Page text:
By maintaining a diligent, reasonable work pace, employees can prevent procrastination and consistently finish the tasks they begin. This means that they won’t feel overloaded, overworked or overwhelmed with the number of unfinished tasks they have left to do.


2. Learn to push back.

A lot of time people dealing with stress at work will take on too much and this makes the situation worse. Make sure your employees feel comfortable and confident enough to push back on tasks that they just don’t have the capacity to do. Employee wellness is linked to productivity at work, so you should aim to create an environment that promotes employee well-being at all times. A good place to start is by letting your employees feel comfortable in having an open conversation with you as a manager, leader or HR professional. It’s good for them to have a place where they can clarify what’s expected of them, ask for any necessary resources or support from other colleagues or enriching their job to include more challenging or meaningful tasks.


3. Take a break.

Make sure your employees are taking regular breaks and getting outside for some fresh air for at least 10 minutes in the day. It’s also important to that everyone takes the time to recharge. To avoid the negative effects of occupational stress and burnout, humans need time to relax, destress and return to work with a fresh outlook and mindset. Switching off from work by having periods of time off, when you are neither engaging in work-related activities or thinking about work, is really important in making sure work-related stress doesn’t take over. Establish some work-life boundaries for yourself. That might mean making a rule not to check email from home in the evening, or not answering the phone during dinner. Your time off is important and should be valued.


4. Track stressors.

Make sure you are taking notes to identify which situations create the most stress and how you responded to that stress. Record any thoughts, feelings and information about the environment, including the people and circumstances involved. This will give you a better understanding of how you deal with certain situations and what you can do better in the future.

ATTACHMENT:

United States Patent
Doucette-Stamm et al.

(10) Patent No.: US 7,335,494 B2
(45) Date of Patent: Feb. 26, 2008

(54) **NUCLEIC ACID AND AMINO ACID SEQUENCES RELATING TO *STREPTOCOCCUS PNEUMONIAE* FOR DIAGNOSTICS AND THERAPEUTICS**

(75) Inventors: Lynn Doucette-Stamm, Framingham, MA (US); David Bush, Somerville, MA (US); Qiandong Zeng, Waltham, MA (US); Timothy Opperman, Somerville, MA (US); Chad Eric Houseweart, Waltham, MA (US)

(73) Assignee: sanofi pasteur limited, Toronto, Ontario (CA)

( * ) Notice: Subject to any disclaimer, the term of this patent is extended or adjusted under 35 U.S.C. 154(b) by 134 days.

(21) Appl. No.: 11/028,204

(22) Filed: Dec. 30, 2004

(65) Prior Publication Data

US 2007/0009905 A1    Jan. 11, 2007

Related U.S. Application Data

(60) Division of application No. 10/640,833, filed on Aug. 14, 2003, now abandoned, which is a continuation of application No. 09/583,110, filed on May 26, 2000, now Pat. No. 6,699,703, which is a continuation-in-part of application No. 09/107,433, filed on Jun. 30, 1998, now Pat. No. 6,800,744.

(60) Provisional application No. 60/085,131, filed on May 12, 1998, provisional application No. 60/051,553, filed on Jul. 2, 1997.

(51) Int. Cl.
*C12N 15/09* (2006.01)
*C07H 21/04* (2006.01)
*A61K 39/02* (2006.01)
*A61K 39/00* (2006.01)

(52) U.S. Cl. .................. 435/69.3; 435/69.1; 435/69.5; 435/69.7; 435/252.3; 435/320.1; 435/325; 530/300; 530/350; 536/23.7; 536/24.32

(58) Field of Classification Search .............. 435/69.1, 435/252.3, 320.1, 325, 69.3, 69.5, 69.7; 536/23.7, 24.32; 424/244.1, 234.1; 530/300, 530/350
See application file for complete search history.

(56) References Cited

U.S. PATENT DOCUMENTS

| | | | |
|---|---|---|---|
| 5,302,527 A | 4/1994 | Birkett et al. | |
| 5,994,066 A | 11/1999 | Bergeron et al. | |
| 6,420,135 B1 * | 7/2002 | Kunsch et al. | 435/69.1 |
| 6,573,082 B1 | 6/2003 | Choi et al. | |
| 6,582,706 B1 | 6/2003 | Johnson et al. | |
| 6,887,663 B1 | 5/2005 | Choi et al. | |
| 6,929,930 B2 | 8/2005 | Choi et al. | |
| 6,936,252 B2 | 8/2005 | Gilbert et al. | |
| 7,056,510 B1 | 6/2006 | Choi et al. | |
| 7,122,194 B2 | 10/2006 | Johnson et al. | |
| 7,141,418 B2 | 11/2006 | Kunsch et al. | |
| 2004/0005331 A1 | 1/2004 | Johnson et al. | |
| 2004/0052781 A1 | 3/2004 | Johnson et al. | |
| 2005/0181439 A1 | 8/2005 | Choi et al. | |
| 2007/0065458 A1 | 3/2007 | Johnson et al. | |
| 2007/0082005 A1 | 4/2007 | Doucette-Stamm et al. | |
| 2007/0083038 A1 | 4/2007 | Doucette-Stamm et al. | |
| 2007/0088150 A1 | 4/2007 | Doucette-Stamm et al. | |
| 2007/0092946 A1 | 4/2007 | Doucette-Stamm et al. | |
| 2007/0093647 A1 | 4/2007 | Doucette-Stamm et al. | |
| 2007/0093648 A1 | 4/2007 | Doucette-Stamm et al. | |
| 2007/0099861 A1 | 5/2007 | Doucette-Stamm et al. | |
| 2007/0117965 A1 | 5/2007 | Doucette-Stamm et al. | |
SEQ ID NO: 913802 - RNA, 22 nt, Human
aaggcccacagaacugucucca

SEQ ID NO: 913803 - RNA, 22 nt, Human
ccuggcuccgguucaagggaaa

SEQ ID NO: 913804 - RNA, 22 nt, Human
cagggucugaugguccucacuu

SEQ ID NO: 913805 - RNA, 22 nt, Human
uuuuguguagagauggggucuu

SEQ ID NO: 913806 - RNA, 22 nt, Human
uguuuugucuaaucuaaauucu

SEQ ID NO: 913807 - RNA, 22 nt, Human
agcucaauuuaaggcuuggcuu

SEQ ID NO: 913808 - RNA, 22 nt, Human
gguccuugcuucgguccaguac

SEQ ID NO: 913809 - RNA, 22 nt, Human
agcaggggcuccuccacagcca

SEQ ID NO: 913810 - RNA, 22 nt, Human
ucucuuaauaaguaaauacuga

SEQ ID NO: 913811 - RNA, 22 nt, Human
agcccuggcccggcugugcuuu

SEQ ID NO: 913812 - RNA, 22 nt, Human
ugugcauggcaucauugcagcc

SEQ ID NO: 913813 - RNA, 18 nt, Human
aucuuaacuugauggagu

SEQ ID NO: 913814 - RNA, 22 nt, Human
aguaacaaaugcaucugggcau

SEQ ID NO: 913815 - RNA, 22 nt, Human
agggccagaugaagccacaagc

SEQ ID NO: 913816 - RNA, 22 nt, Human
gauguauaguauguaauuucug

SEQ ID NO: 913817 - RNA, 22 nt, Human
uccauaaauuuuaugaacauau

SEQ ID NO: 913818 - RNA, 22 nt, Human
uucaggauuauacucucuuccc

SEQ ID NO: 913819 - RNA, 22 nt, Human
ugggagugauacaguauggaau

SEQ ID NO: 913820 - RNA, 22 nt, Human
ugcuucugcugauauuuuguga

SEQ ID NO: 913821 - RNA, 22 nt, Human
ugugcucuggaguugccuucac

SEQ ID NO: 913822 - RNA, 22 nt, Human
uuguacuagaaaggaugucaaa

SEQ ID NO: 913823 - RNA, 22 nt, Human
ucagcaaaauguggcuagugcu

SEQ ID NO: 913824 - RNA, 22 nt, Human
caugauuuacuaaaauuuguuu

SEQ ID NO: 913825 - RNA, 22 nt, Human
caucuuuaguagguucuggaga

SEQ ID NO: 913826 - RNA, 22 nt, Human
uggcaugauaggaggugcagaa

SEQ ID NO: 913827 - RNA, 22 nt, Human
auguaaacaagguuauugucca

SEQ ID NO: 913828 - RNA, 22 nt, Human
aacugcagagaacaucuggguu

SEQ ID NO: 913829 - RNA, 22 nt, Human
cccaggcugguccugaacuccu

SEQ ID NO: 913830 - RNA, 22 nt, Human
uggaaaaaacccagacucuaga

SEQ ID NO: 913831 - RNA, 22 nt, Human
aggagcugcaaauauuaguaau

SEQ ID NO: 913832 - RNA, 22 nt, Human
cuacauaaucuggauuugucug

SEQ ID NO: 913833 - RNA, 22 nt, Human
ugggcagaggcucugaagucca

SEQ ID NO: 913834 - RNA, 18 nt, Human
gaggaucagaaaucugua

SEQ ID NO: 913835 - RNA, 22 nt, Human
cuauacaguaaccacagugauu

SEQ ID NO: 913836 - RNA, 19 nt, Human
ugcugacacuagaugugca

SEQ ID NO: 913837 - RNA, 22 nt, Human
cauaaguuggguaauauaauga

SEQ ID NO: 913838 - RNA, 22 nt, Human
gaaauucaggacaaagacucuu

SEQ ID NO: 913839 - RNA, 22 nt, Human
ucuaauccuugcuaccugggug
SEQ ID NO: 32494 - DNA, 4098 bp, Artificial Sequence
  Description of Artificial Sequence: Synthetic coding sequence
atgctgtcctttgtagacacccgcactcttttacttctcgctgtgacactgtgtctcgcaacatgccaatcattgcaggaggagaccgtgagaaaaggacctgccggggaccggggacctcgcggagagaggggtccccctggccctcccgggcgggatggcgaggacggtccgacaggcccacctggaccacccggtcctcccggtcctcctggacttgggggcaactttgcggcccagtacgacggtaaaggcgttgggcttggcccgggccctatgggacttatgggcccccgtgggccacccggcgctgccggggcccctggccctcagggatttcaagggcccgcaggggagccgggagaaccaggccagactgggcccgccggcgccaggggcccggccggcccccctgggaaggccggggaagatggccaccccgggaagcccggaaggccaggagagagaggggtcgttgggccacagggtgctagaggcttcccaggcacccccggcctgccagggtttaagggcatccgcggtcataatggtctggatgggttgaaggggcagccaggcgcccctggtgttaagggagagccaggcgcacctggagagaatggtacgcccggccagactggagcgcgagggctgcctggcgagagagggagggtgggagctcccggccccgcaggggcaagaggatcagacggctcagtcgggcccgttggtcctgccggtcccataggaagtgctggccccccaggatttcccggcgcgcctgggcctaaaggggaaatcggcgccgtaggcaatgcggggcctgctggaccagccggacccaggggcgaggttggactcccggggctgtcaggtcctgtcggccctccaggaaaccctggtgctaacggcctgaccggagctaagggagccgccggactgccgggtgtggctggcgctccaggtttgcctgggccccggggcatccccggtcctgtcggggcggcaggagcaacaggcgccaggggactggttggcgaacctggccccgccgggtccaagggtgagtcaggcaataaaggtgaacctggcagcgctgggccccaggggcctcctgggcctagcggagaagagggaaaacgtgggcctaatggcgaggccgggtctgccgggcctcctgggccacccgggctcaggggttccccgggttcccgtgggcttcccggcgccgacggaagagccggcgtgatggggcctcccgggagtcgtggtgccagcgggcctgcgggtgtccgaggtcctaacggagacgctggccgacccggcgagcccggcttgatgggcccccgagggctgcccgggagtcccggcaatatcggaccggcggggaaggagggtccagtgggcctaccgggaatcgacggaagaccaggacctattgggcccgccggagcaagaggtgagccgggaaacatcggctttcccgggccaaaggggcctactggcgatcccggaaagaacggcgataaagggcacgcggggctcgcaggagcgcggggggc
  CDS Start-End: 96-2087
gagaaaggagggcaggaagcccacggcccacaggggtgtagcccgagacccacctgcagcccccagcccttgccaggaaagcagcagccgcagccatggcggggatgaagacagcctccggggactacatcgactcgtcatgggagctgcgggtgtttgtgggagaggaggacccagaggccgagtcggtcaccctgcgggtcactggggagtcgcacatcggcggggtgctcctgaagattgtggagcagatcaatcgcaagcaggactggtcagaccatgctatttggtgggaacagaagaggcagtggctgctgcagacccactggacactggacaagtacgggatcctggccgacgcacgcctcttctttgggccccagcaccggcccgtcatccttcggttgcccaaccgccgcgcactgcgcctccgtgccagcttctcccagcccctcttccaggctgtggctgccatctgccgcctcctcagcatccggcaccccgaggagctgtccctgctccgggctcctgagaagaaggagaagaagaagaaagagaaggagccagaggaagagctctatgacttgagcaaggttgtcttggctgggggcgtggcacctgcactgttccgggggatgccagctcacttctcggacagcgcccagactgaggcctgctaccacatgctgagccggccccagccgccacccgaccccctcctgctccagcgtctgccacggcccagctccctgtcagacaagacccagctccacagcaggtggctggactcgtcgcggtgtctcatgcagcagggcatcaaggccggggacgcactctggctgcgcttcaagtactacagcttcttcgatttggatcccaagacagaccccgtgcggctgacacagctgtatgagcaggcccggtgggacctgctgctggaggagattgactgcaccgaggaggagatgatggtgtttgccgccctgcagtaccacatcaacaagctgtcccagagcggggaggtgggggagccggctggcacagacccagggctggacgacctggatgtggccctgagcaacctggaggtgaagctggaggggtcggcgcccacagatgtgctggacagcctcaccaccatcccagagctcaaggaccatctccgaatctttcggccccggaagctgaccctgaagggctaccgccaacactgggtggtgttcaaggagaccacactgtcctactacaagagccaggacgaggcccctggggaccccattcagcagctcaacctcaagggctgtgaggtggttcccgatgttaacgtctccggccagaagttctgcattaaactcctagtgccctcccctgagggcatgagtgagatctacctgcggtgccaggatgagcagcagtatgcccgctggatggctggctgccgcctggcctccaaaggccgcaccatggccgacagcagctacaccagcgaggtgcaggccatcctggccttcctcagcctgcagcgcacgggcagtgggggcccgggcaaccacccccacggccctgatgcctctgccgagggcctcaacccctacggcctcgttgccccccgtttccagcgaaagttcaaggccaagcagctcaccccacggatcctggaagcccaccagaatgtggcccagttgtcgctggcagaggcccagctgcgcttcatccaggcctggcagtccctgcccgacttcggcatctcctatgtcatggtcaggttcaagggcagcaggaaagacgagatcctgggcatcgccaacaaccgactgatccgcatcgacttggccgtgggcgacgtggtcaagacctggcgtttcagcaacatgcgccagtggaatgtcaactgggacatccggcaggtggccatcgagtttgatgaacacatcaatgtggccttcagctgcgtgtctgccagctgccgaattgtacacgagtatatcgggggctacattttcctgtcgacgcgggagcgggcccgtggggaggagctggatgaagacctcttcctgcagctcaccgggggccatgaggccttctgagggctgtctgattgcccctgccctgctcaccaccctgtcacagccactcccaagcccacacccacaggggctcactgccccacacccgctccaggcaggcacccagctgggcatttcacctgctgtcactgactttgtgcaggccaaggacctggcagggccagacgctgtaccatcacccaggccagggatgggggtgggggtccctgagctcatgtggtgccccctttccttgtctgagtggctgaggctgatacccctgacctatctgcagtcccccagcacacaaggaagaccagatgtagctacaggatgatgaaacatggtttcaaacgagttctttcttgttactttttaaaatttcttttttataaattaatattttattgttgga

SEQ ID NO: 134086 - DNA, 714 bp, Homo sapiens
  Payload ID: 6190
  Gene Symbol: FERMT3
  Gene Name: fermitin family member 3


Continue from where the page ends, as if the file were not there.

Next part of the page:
5. Ask for support.

Accepting help from trusted friends, family or even other co-workers can improve your ability to manage stress. Your employer may also have stress management resources available through an employee assistance program (EAP). If you continue to feel overwhelmed by work stress, you may want to talk to a psychologist, who can help you better manage stress and change unhealthy behaviour.

Dental Clinic

Brokering the Perfect Deal

The value of a business is often difficult to quantify, especially when you’ve put years of hard work into building it into something special. Someone who understands this deeply is Matt Arthur of Mayfield Practice Sales. He’s spent years building up a reputation as one of the UK’s most influential CEOs. We took a closer look at the business to see how he has been able to achieve such success.

Mayfield Practice Sales is a dental brokerage specialising in selling dental practices and groups. The teamwork alongside clients who are either looking to sell their business now or are starting to plan their exit in several years’ time. As a business, Mayfield specialises in practice valuations, financial health checks, financial due diligence and preparing for future sale.

It’s not an easy experience to add value to a business while preparing to let it go, and under Mr. Arthur’s leadership, the team have made the decision to position themselves as more of a partner than a consultant. He started the busines because he was fed up at seeing so many deals fall through, with such variable service from brokers. For many, there wasn’t enough attention paid into the intricacies of a business, which caused problems at the due diligence phase of buy.

The approach of Mayfield has always been to ensure that this doesn’t happen. Care and attention is taken to understand the business, and from this information, the team work to negotiate the best possible deal. Clients trust their advice, not only because it is personable and candid, but because the Mayfield team are always on hand. They take the time to get to know both the business and the owner so that everyone involved is satisfied with the end result.

The team is deliberately small, comprising over 30 years’ experience in dental finance and accountancy. What sets Mayfield apart is the team’s careers working in mergers and acquisitions on the other side of the deal, advising some of the largest dental corporates. They know exactly what these organisations are looking for as well as how to avoid pitfalls, how to ensure deals don’t fall through and how to eliminate the need for lengthy and costly renegotiations.

Because Mr. Arthur and his team serve clients that have successful, high-end practices and who have built their business with blood sweat and tears, it is important they get the return they deserve. The financial background that the team bring to each case is second-to-none, ensuring accurate valuations and hastening the process of selling a practice as a result. As the majority must work for a period post-completion, it is paramount that they also feel comfortable with the incoming buyer and can retain their reputation too. Mayfield have proven experienced in the negotiation of renumeration packages that everyone is happy with.